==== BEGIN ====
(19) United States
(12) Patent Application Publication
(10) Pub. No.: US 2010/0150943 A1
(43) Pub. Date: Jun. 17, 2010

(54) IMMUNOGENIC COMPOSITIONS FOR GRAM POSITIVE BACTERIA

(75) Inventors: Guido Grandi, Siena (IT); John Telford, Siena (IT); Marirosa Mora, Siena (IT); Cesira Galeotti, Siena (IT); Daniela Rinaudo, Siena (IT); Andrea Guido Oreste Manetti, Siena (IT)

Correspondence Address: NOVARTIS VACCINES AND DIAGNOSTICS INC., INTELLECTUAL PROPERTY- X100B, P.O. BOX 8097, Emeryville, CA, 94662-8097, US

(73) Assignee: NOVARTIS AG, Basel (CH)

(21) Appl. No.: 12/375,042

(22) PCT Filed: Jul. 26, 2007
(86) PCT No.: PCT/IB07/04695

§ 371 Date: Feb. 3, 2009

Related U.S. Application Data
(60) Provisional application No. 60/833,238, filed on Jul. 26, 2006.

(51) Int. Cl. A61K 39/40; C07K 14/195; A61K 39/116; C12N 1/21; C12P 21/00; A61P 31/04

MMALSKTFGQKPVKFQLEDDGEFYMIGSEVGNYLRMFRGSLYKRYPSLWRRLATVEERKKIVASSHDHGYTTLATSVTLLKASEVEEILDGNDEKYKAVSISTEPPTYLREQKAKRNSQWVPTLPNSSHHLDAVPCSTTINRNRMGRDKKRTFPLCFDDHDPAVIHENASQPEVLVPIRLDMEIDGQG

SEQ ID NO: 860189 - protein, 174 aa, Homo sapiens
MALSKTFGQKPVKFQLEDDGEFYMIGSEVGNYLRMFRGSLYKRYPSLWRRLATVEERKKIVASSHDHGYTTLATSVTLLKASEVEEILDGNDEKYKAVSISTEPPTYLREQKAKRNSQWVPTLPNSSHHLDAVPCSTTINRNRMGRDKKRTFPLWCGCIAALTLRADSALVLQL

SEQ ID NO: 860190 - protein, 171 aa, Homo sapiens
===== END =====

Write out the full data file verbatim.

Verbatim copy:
(19) United States
(12) Patent Application Publication
(10) Pub. No.: US 2010/0150943 A1
(43) Pub. Date: Jun. 17, 2010

(54) IMMUNOGENIC COMPOSITIONS FOR GRAM POSITIVE BACTERIA

(75) Inventors: Guido Grandi, Siena (IT); John Telford, Siena (IT); Marirosa Mora, Siena (IT); Cesira Galeotti, Siena (IT); Daniela Rinaudo, Siena (IT); Andrea Guido Oreste Manetti, Siena (IT)

Correspondence Address: NOVARTIS VACCINES AND DIAGNOSTICS INC., INTELLECTUAL PROPERTY- X100B, P.O. BOX 8097, Emeryville, CA, 94662-8097, US

(73) Assignee: NOVARTIS AG, Basel (CH)

(21) Appl. No.: 12/375,042

(22) PCT Filed: Jul. 26, 2007
(86) PCT No.: PCT/IB07/04695

§ 371 Date: Feb. 3, 2009

Related U.S. Application Data
(60) Provisional application No. 60/833,238, filed on Jul. 26, 2006.

(51) Int. Cl. A61K 39/40; C07K 14/195; A61K 39/116; C12N 1/21; C12P 21/00; A61P 31/04

MMALSKTFGQKPVKFQLEDDGEFYMIGSEVGNYLRMFRGSLYKRYPSLWRRLATVEERKKIVASSHDHGYTTLATSVTLLKASEVEEILDGNDEKYKAVSISTEPPTYLREQKAKRNSQWVPTLPNSSHHLDAVPCSTTINRNRMGRDKKRTFPLCFDDHDPAVIHENASQPEVLVPIRLDMEIDGQG

SEQ ID NO: 860189 - protein, 174 aa, Homo sapiens
MALSKTFGQKPVKFQLEDDGEFYMIGSEVGNYLRMFRGSLYKRYPSLWRRLATVEERKKIVASSHDHGYTTLATSVTLLKASEVEEILDGNDEKYKAVSISTEPPTYLREQKAKRNSQWVPTLPNSSHHLDAVPCSTTINRNRMGRDKKRTFPLWCGCIAALTLRADSALVLQL

SEQ ID NO: 860190 - protein, 171 aa, Homo sapiens